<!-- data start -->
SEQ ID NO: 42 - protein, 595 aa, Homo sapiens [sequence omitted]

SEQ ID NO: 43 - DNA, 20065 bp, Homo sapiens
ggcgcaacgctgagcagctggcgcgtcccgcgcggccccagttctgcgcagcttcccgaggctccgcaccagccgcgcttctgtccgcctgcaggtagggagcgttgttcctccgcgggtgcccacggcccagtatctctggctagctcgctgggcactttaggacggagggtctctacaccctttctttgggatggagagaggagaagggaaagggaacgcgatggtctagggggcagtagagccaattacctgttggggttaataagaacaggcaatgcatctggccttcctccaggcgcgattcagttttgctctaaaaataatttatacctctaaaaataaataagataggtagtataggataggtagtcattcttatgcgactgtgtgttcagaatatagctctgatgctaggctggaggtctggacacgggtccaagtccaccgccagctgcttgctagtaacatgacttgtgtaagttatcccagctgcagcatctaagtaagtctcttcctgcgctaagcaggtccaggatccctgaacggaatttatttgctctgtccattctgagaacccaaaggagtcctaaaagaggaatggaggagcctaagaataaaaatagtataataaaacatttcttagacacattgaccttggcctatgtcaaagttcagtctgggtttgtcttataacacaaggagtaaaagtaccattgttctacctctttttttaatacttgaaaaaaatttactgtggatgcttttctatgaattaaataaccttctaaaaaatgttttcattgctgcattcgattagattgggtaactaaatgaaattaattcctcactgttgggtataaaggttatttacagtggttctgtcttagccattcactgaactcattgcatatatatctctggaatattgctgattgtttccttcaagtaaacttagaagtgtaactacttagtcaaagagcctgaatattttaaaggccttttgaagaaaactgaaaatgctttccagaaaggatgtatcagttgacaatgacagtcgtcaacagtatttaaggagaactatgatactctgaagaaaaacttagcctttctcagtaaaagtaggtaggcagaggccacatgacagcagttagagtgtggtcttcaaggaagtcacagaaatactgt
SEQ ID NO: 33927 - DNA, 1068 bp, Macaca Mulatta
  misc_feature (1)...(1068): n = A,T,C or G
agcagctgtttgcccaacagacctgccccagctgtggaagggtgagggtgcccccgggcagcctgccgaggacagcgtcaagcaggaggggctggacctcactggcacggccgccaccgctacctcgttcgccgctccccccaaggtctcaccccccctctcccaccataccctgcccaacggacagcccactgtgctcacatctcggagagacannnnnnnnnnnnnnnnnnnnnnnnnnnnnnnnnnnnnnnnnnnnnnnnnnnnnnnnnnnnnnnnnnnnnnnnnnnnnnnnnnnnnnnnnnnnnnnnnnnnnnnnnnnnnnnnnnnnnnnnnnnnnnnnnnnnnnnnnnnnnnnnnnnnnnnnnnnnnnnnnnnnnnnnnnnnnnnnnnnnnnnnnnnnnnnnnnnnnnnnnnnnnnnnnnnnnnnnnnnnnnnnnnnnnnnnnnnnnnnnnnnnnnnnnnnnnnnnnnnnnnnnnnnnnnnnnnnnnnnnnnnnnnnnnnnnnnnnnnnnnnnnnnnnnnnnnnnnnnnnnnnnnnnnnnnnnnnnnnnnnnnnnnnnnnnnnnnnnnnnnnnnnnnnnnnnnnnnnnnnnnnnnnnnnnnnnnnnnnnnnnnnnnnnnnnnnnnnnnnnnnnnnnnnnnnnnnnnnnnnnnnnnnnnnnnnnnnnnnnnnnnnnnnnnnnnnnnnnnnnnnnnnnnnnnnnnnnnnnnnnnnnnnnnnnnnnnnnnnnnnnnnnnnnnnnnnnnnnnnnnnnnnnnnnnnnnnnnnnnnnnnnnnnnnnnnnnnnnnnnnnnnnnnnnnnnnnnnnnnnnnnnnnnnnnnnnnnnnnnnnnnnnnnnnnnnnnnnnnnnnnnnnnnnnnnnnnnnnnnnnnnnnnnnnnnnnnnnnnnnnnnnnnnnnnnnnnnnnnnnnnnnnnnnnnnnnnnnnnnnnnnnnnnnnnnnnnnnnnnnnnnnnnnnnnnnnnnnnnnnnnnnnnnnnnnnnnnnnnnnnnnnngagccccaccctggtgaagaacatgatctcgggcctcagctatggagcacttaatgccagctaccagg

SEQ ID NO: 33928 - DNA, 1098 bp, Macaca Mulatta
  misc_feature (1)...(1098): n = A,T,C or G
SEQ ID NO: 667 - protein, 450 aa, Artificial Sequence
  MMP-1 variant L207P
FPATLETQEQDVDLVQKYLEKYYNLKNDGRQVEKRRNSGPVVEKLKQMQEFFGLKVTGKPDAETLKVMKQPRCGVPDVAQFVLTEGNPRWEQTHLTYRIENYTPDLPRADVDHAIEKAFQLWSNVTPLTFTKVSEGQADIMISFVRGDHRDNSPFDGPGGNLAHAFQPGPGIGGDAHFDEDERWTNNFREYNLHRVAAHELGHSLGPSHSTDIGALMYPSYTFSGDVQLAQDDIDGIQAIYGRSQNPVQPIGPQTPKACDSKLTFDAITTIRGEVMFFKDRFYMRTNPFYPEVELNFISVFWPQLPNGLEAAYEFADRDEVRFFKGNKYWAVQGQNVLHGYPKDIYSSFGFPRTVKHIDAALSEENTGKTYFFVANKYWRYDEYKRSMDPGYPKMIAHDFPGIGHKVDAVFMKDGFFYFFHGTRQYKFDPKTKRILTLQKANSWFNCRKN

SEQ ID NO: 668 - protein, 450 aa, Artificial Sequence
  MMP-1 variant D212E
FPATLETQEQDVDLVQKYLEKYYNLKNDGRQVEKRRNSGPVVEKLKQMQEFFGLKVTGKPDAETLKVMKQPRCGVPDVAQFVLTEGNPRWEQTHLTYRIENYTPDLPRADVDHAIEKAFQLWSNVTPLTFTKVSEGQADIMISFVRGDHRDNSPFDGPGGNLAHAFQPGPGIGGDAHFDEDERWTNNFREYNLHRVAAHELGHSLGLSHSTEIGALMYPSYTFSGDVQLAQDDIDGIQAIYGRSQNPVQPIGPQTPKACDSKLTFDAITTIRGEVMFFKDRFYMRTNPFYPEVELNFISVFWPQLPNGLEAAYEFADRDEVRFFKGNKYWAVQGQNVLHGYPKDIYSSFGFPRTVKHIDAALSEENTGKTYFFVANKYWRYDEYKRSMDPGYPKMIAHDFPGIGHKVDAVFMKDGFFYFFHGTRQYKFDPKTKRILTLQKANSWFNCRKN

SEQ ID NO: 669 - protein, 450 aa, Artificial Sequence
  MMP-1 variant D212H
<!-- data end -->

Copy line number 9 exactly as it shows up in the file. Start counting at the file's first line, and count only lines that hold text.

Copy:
SEQ ID NO: 667 - protein, 450 aa, Artificial Sequence